Waller, Horace 1833-1896

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Biographical History

Horace Waller (1833-1896) was a clergyman, writer, and antislavery activist, and was known for his work in Africa. He was born in London and first traveled to Africa as Lay Superintendent of the Universities' Mission to Central Africa under the first Bishop of Central Africa, Charles Frederick Mackenzie. The group arrived in Zambezi in 1861 and traveled to the Nyasa highlands, where they established a mission. During his time in Africa, he worked with noted figures of the time such as Sir John Kirk and David Livingstone, and became an anti-slavery activist. He is known to have collected botanical and entomological specimens. Waller left the mission after a disagreement with Mackenzie's successor about the liberated slaves who were under care of the Mission. After returning to England in 1864, he became a minister, first serving at St. John's Chatham, and later as rector of the Twywell parish (1874-1895) where he remained for twenty-two years. During his lifetime he wrote several books covering numerous subjects relating to Africa. He is also known for his work editing the journals of David Livingstone. Waller retired to Hampshire shortly before he passed away in East Liss on February 22, 1896.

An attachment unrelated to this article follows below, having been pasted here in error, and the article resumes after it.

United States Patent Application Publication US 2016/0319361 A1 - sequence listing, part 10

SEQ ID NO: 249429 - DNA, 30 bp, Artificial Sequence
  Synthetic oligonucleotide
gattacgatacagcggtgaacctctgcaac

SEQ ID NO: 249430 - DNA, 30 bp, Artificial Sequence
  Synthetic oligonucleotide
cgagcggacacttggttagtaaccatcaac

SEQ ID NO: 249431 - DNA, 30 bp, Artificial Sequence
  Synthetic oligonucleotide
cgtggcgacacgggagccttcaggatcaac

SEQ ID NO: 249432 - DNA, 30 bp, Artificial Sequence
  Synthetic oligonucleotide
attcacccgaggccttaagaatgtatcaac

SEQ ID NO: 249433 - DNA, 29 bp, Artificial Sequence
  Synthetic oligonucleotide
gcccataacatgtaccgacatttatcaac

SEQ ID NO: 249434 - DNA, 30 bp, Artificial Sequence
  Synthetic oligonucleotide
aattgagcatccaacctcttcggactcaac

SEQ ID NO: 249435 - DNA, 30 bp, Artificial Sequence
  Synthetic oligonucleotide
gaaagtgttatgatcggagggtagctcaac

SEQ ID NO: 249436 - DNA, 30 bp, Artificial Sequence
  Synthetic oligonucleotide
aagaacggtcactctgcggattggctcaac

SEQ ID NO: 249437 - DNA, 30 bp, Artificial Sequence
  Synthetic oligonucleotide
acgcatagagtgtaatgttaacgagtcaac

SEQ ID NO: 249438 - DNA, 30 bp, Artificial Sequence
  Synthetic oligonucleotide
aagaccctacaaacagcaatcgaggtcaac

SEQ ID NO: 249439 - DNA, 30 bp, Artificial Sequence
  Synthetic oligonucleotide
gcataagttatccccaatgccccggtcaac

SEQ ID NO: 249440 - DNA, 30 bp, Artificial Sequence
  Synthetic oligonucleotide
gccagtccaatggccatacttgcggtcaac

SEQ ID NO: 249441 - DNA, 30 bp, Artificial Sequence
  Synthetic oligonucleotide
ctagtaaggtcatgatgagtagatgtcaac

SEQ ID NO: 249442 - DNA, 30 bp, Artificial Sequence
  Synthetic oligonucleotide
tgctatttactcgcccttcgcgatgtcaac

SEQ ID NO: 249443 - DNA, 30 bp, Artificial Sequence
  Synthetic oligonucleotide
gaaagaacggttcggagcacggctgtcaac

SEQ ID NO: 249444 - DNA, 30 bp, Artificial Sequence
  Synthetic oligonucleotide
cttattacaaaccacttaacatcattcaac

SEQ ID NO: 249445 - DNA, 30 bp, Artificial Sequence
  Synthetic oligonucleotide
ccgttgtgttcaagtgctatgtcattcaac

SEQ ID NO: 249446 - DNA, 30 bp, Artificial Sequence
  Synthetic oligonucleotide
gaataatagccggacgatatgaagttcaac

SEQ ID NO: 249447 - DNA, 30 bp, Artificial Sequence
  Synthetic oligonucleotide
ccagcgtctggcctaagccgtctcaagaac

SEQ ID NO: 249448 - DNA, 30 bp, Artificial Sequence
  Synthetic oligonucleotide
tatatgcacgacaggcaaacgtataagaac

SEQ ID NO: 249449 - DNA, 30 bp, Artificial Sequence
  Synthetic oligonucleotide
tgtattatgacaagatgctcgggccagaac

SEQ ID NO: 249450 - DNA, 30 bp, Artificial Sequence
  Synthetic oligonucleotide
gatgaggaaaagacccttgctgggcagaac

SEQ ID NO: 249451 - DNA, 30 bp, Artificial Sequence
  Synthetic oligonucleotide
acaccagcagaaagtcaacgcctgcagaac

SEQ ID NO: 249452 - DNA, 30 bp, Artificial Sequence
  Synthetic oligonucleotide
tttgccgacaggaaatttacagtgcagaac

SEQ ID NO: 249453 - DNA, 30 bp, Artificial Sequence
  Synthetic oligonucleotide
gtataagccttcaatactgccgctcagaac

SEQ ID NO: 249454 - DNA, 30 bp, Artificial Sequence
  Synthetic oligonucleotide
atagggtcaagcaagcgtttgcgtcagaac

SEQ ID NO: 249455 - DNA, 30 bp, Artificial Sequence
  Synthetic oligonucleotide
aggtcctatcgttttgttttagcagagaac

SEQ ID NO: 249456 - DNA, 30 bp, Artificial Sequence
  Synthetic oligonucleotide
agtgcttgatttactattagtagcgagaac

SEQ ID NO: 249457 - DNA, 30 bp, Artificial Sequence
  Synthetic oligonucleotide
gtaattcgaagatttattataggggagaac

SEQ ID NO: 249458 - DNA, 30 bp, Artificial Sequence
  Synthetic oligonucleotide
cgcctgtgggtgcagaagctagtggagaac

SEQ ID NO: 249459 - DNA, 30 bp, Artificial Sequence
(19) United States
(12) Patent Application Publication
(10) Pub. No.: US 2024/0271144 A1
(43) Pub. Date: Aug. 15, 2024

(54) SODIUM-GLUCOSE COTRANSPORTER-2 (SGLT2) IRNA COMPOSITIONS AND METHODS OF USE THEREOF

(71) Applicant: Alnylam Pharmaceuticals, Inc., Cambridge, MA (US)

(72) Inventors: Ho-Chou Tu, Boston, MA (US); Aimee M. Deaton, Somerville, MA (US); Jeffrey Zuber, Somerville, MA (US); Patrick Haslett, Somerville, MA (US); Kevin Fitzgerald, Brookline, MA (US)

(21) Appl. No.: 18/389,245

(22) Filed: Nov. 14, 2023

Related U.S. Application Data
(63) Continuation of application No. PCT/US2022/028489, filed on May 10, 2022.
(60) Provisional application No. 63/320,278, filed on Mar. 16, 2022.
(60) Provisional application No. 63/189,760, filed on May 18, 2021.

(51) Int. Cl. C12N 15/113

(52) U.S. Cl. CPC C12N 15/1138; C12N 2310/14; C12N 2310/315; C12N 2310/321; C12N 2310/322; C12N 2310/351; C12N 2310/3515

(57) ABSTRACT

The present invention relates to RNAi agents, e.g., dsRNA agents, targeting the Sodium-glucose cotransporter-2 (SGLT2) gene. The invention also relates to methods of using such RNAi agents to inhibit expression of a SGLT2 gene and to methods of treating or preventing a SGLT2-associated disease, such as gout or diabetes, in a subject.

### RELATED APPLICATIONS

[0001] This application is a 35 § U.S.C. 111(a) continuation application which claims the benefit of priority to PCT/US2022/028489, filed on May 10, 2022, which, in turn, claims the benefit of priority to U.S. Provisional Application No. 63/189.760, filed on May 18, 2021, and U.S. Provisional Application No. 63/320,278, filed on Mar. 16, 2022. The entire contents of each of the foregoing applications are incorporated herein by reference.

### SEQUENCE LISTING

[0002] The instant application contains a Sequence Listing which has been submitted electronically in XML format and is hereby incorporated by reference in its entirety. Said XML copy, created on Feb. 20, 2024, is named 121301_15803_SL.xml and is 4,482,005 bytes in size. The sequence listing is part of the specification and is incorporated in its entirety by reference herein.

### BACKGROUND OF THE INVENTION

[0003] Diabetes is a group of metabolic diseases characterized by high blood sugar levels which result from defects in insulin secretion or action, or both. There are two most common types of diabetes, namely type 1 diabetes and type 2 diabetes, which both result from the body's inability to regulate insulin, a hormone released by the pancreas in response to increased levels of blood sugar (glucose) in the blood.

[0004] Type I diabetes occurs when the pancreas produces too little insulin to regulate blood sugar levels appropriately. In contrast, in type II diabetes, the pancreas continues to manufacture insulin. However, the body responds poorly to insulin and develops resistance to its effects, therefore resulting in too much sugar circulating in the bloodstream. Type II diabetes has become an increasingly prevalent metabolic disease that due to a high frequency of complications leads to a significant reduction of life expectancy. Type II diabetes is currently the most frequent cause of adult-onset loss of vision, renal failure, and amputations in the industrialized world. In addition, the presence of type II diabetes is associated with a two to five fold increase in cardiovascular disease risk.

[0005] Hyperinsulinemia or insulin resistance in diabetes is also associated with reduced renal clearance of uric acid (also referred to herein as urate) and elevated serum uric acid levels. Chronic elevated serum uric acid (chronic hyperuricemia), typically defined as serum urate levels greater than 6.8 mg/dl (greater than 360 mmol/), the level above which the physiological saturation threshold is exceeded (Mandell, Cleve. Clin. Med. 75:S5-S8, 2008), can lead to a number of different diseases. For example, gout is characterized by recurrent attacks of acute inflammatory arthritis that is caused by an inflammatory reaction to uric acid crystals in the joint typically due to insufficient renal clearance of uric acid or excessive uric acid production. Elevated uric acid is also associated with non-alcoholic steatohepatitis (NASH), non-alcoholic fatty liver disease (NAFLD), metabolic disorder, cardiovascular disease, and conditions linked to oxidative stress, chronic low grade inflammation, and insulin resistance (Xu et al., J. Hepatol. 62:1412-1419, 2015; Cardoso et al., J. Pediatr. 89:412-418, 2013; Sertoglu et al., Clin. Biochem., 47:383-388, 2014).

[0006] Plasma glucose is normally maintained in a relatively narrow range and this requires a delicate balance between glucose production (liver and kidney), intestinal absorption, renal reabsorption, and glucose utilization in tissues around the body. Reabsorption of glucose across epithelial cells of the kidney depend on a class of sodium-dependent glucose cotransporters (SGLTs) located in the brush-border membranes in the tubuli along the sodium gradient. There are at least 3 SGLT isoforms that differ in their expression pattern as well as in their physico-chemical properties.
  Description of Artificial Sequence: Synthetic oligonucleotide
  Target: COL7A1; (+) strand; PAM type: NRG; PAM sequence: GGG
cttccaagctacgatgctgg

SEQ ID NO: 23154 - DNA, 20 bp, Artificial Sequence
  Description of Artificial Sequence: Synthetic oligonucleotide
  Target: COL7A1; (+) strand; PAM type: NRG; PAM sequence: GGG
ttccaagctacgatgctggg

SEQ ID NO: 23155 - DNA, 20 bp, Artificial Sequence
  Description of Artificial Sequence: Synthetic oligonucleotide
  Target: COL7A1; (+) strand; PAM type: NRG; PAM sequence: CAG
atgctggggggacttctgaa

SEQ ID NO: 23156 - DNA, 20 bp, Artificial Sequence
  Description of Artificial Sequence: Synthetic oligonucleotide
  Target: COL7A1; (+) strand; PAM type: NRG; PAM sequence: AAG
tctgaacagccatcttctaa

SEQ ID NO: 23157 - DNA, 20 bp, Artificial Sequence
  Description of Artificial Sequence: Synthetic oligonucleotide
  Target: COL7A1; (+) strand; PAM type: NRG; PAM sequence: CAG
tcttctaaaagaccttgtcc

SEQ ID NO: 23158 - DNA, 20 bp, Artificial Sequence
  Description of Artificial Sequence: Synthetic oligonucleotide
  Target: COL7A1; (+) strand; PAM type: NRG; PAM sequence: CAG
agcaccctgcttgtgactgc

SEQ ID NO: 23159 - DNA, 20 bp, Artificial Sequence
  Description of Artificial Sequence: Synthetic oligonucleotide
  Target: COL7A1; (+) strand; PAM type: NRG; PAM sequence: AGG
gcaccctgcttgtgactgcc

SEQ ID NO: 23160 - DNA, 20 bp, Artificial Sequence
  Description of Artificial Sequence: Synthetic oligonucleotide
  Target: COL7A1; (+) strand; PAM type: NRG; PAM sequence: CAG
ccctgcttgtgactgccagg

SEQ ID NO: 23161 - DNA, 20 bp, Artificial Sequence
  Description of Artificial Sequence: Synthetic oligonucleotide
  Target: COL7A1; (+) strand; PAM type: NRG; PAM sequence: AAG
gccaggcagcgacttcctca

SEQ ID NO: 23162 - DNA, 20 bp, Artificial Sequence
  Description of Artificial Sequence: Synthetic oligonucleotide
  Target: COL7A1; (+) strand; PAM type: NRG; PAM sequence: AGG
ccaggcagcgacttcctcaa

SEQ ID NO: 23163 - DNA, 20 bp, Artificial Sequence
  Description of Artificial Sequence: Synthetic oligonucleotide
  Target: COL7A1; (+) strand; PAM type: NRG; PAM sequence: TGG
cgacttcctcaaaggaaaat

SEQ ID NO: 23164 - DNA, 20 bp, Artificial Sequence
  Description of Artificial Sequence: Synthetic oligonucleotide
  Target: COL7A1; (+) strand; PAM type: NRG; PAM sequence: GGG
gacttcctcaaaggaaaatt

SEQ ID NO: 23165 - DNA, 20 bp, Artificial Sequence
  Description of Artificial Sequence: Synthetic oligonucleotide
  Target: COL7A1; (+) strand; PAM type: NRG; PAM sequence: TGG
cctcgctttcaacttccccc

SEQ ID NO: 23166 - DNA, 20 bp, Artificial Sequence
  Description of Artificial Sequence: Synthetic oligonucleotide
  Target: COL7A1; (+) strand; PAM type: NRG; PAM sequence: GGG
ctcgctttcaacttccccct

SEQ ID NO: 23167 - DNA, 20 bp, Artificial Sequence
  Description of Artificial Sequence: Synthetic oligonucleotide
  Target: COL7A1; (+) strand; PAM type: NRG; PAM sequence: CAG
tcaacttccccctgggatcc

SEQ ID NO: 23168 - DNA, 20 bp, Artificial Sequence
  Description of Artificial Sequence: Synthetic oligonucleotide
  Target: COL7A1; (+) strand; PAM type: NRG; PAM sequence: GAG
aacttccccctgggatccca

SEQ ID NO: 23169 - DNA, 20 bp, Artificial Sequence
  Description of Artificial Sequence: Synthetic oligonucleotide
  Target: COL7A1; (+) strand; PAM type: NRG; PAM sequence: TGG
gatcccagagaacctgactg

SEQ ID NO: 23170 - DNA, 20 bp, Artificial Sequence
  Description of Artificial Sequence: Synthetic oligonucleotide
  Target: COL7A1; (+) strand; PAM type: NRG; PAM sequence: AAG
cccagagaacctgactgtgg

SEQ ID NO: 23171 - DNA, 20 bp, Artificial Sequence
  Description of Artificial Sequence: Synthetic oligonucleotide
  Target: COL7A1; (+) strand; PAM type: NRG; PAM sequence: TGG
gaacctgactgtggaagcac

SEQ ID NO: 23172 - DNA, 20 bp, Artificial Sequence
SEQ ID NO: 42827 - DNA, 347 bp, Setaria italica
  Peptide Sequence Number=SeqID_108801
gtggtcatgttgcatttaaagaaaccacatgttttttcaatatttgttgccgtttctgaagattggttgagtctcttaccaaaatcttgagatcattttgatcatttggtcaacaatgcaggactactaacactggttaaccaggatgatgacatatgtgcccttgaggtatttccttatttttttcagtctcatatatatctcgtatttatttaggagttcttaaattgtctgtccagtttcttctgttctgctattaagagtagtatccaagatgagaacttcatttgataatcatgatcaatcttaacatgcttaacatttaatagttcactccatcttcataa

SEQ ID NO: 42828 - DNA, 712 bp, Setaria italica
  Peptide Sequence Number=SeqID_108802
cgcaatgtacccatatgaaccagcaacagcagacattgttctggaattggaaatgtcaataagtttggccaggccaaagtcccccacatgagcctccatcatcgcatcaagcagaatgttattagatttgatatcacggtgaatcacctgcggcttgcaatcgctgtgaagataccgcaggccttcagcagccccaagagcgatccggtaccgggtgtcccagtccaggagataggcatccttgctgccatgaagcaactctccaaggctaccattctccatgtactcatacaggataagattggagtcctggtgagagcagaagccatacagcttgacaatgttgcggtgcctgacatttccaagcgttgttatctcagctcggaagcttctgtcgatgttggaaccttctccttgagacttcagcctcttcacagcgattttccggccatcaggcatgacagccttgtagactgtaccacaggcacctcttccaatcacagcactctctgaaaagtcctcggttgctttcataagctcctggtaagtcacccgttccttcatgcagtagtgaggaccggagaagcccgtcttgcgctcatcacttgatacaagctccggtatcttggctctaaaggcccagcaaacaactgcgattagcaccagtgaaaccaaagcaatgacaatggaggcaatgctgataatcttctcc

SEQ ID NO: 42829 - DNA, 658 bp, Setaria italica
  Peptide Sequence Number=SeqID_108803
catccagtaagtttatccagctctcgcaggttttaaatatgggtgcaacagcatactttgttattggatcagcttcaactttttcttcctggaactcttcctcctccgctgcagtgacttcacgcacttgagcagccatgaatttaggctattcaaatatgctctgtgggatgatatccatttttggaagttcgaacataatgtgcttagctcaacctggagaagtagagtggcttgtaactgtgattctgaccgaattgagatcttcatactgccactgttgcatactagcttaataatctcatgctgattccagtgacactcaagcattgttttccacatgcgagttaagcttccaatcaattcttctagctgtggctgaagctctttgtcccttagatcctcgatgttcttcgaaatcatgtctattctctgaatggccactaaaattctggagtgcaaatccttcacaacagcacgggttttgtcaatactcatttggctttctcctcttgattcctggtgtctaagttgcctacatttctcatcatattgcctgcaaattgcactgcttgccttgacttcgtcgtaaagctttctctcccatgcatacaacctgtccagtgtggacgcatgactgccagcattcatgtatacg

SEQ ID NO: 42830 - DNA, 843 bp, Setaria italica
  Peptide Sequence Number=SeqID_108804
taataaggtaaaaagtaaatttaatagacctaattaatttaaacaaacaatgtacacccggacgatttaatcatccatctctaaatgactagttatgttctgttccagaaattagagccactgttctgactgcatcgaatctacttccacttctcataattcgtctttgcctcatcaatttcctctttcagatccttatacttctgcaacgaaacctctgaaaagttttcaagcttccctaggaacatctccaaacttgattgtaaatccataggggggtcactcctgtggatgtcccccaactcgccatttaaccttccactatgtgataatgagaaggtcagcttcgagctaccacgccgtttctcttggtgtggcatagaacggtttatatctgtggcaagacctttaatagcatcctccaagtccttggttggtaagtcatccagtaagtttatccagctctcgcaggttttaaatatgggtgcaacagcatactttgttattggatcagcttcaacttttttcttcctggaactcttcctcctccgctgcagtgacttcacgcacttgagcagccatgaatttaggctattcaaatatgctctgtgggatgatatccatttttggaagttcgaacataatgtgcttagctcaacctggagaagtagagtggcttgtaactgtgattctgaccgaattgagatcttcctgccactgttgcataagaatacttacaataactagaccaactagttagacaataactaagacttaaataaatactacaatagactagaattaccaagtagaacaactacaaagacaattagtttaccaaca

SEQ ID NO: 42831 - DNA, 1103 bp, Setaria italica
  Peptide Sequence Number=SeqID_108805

• (1896) "Obituary: The Rev. Horace Waller." The Geographical Journal. 7 (5) 558-559. Retrieved from http://www.jstor.org/stable/1774002
  • Horace Aller Papers (1858-1896), Record Group No. 72. Yale University Divinity School Library. Retrieved on December 2, 2014 from http://hdl.handle.net/10079/fa/divinity.072

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Kirk, John, Sir, 1832-1922: Worked with

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